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I'm trying to define a churn prediction model for an online service (betting/gambling). A lot of papers talk about churn analysis/prediction for telco companies where defining a churn user is straightforward: a churn user is a user who cancels his or her contract. I'm wondering how to define a churn user within the context of an industry where users don't cancel any contract/account?

I can envision a general approach: if a user who plays every day for a month stops playing for 2 days, this is could be flagged, but a user who only plays once a week and then has no activity for 2 days would not. What's the best approach to encoding this logic algorithmically? Is survival analysis and good approach?

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    $\begingroup$ Are you trying to predict when someone is likely to churn or to detect when someone has churned? Survival analysis is a reasonable choice for the first but for the latter I would recommend something else -- potentially change point analysis. $\endgroup$ – David Sep 3 '15 at 22:22
  • $\begingroup$ Can you be more specific on what you mean by churn? In financial services, churning means a broker making many transactions in a short period of time for the purpose of collecting additional fees from a client. However, you seem to be talking about something all together different, like a user getting cold feet and making less (not more) transactions. $\endgroup$ – PabTorre Oct 5 '15 at 3:12
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Another approach would be to model "churn" (aka "diminished use of the service, including non-use") as a process and not an event. Years ago in retention marketing this was called a "defection funnel", to mirror the "sales funnel" on the customer acquisition side (suspect -> prospect -> trial customer -> repeat customer -> loyal customer). So a defection funnel might look like this:

loyal/frequent customer -> disaffected customer -> infrequent customer -> non-customer

It is proper to label this a "funnel" because a subset of each stage move on to the next stage. Not all "disaffected customers" become "infrequent customers", and so on.

There are two keys to defining a defection funnel. First, define the behavioral characteristics for the funnel as a whole, and for each stage (category) within the funnel. In your case, it might be a variation of the familiar RFM ("recency" "frequency" and "monetary") score. Second, you need to identify other behavioral characteristics or patterns that show a propensity to move from one stage to another. These might include: complaints, being victim of trolling, experiencing service interruptions, experiencing betting losses, how long they have been using the service, or maybe it is just demographics.

With these definitions in place, you are in a position to build a predictive model and also track over time the population of customers in each category.


By the way, this approach is not dependent on dividing the funnel into "stages", nor does it matter fundamentally how many stages you have. However, defining discrete stages has many practical benefits, including communicating your model and results to other people who are not quantitative or statistically minded.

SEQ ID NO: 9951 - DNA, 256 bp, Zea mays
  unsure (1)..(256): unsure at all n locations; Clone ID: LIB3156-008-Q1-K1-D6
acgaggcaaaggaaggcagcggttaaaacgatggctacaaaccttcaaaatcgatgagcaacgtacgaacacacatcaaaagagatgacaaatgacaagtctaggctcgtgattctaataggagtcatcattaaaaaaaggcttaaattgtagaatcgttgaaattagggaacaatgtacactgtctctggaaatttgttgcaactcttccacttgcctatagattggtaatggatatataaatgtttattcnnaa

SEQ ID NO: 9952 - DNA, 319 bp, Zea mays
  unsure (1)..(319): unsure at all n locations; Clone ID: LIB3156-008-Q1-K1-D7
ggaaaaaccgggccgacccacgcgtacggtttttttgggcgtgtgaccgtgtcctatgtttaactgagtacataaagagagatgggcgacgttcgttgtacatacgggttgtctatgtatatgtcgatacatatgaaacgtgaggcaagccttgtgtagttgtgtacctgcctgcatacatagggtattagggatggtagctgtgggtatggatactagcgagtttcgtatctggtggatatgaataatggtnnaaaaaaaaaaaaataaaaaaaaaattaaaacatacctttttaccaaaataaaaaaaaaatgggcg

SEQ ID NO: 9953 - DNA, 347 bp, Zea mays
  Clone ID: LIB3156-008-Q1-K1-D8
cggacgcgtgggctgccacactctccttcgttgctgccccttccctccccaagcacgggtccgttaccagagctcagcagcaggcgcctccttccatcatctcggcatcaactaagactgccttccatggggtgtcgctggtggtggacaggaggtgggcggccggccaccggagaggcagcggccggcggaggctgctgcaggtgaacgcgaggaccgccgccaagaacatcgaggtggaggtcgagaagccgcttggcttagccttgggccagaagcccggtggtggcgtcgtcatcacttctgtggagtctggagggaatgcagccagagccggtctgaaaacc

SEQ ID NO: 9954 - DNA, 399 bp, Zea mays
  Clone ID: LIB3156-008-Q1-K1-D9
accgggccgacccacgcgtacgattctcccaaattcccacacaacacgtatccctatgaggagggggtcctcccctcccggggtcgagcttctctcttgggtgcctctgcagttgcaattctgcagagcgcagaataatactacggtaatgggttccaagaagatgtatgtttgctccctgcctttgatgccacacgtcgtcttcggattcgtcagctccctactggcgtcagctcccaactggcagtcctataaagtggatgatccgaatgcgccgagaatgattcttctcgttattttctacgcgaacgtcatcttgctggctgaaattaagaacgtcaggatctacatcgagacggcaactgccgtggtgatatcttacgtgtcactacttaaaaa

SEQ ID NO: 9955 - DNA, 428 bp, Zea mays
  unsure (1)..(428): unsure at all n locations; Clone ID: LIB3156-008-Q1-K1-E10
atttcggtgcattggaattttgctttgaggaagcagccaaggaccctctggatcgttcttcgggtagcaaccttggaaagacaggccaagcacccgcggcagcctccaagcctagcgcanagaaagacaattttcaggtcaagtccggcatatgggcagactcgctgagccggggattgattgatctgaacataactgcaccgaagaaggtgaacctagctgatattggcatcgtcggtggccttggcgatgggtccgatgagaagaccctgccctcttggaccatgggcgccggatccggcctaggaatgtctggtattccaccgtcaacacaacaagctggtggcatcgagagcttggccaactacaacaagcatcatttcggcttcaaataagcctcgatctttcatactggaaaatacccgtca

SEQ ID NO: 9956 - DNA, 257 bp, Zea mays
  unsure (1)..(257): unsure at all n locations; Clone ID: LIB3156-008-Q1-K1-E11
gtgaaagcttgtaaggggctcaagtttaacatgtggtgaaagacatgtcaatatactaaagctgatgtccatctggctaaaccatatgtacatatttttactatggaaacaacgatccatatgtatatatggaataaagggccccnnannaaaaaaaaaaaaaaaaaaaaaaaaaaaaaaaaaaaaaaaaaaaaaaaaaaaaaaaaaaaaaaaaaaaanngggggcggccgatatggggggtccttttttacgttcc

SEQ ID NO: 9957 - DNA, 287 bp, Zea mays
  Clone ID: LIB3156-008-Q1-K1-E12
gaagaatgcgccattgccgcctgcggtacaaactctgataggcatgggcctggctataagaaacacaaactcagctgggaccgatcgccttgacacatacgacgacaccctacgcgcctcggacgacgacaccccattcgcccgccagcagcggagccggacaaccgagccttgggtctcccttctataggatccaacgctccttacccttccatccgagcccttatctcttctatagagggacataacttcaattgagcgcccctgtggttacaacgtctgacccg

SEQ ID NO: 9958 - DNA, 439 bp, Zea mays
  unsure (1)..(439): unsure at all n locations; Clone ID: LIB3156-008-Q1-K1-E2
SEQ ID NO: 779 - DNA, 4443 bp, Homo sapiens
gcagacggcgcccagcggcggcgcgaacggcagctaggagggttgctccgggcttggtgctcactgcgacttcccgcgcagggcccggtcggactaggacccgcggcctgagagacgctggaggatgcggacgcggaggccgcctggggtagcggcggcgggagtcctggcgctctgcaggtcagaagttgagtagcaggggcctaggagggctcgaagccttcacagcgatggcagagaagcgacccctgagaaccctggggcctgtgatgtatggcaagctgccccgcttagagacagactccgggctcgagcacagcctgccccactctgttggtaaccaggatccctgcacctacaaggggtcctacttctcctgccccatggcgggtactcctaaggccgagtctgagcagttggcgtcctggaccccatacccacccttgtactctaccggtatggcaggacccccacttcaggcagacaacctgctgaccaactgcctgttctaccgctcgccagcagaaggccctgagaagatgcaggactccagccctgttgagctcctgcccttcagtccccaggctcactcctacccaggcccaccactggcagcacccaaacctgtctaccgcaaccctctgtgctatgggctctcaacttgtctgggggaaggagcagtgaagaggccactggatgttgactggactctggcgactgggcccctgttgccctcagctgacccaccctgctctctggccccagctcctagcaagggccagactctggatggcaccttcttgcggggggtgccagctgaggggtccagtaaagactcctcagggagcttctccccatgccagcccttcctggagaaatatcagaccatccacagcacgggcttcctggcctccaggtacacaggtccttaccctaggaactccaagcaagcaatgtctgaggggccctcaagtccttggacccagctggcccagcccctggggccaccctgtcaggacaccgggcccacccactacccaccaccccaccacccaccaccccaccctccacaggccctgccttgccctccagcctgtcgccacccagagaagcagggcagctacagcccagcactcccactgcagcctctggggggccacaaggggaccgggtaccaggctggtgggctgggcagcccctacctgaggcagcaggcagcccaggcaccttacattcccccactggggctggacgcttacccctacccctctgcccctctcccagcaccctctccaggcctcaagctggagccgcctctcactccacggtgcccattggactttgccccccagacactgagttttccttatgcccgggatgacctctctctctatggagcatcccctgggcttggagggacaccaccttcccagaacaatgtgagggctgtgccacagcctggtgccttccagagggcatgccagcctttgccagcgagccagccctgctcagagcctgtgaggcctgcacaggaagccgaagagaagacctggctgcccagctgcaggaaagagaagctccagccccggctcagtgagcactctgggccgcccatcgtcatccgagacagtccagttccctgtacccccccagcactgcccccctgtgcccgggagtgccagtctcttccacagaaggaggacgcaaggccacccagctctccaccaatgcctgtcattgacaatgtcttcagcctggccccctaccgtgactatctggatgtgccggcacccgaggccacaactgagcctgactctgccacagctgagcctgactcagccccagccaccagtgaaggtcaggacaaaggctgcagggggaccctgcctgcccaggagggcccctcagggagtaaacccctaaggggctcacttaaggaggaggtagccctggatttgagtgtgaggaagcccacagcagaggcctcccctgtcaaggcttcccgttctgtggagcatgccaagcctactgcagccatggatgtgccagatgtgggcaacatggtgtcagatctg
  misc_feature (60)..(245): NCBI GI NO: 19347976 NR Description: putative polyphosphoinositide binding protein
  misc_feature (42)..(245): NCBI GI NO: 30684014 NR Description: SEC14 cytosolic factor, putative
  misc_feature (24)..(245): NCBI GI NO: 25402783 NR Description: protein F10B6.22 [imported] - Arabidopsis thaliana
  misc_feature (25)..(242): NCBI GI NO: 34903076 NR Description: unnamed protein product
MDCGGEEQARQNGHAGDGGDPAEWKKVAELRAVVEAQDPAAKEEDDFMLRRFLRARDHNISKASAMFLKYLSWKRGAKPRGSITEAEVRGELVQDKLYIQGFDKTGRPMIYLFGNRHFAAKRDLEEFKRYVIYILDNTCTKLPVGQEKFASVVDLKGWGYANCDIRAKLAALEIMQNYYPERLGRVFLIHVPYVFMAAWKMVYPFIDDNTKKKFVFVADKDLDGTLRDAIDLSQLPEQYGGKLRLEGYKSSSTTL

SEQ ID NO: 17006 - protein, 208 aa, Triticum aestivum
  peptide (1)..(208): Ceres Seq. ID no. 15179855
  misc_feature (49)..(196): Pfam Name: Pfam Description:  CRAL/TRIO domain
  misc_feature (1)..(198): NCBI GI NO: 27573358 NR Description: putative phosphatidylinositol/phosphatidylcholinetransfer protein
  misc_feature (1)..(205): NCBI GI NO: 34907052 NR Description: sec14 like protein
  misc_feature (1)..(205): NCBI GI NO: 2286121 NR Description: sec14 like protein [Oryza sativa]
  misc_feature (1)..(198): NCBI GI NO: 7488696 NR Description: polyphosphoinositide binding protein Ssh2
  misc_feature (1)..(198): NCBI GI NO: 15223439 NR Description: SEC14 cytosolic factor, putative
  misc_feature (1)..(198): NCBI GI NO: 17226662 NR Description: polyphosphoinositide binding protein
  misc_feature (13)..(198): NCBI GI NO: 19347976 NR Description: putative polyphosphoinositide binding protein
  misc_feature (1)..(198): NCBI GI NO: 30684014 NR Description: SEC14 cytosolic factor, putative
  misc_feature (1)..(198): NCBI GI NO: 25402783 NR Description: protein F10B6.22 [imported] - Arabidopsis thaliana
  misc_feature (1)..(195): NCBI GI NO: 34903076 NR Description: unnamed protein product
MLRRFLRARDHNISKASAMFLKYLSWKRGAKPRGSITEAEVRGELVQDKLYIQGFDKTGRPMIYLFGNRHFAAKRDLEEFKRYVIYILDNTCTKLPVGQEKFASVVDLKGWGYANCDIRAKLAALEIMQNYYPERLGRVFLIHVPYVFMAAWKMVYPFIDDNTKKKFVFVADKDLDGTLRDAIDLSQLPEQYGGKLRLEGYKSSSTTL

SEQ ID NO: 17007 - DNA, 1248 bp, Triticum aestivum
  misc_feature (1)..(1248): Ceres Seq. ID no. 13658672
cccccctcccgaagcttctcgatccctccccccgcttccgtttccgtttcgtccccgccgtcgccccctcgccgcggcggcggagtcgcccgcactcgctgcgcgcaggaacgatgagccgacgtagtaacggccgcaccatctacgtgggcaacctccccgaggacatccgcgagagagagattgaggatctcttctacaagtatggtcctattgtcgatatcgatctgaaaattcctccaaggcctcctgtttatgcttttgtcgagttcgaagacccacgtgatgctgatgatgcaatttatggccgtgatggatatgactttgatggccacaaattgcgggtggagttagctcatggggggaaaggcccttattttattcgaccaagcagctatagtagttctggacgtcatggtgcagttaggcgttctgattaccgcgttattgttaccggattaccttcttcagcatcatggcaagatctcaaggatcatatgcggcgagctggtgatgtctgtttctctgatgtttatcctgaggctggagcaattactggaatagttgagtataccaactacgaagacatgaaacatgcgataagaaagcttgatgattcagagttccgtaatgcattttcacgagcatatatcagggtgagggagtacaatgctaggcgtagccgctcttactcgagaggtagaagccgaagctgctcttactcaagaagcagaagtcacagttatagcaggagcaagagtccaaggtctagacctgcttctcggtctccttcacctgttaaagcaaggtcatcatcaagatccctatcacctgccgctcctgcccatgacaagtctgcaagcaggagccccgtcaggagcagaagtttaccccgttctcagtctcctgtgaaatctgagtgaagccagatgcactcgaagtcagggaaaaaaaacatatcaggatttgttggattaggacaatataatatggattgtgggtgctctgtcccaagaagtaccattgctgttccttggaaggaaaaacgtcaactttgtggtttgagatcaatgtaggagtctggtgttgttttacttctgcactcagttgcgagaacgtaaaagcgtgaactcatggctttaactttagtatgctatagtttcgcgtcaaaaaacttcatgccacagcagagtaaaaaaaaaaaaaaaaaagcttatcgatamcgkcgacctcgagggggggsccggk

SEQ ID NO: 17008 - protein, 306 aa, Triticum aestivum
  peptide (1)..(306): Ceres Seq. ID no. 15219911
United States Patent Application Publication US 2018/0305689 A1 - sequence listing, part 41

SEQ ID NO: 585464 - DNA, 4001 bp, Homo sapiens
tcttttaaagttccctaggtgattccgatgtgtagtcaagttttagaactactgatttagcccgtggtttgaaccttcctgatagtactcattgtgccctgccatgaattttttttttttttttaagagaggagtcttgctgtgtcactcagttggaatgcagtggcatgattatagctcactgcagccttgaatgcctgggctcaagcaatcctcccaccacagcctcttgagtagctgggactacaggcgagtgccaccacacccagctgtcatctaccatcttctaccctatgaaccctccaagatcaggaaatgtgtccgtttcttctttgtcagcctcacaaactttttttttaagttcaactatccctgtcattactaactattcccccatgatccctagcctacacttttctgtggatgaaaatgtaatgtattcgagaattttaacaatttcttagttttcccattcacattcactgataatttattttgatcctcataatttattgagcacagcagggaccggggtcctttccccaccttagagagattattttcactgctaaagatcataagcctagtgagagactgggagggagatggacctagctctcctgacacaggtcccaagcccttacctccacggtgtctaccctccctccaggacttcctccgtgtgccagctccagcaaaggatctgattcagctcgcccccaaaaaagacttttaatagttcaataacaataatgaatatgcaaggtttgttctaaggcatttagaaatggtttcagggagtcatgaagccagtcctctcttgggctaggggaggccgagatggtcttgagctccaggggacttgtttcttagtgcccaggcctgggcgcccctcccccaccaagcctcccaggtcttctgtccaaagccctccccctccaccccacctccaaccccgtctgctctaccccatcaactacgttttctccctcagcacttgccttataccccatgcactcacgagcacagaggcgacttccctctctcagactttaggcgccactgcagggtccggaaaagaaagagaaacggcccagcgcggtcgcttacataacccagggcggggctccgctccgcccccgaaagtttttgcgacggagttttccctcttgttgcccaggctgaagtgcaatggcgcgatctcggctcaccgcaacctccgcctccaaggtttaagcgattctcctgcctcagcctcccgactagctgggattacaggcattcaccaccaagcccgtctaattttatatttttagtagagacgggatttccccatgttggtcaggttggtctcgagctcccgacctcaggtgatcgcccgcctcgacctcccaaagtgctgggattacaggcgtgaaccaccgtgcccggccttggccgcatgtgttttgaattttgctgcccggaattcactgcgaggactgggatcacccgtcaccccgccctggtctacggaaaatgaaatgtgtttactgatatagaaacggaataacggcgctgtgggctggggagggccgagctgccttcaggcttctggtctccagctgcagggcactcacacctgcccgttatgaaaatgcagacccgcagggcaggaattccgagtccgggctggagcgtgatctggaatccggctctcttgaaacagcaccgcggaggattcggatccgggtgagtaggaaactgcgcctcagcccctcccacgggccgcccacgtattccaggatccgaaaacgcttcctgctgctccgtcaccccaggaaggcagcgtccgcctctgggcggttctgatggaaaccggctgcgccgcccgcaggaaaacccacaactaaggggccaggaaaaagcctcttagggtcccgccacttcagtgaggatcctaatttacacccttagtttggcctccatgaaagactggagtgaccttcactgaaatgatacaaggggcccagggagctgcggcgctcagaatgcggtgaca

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First I want to say Dirk is basically correct that survival analysis doesn't have to model death it's used essentially the same way for looking at user groups in cohort analysis. However, it is unreliable for specific individual behavior activities, for say fraud management. Revenue analysis and trend forecasting are great uses of survival models.

That having been said the situation is not hopeless for individual behavior, simply not so straight-forward. Having run into a similar situation in pre-paid card accounts for a mobile company ... you can model an individual's behavior in the way your trying to, by modeling it as a process control issue, and then following good practice. By randomly sampled data(important) of an individual's behavior (usage) and comparing it to similar behaviors of other user's (normalizing for environmental factors) and looking at the control points, more than 3 sequential out of control points in a period or more than 8 overall is base set. This can then give you a set "suspicious" potentially "churn or fraud" activities which can then be analyzed and labeled to train better models.

Hope that's helpful :)

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You should first define what your churn event is which you have started. Is it global or individual? Is it has not gambled for 3 months or has changed his pattern? Global is better to model. You can use survival models for this.

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  • $\begingroup$ Dirk thank you for the answer. The thing that is giving me (lots of) problems is the definition of a churn event, because this is not a subscription-based service. Isn't survival analysis only useful for model where I have a "death event" (a user who cancels his subscription, a patient who dies, etc.)? $\endgroup$ – Geims Bond Aug 5 '15 at 7:54
  • $\begingroup$ Survival doesn't have to model death. You can define it, make sure it's definition is accepted in the business. $\endgroup$ – Dirk Nachbar Aug 6 '15 at 10:07

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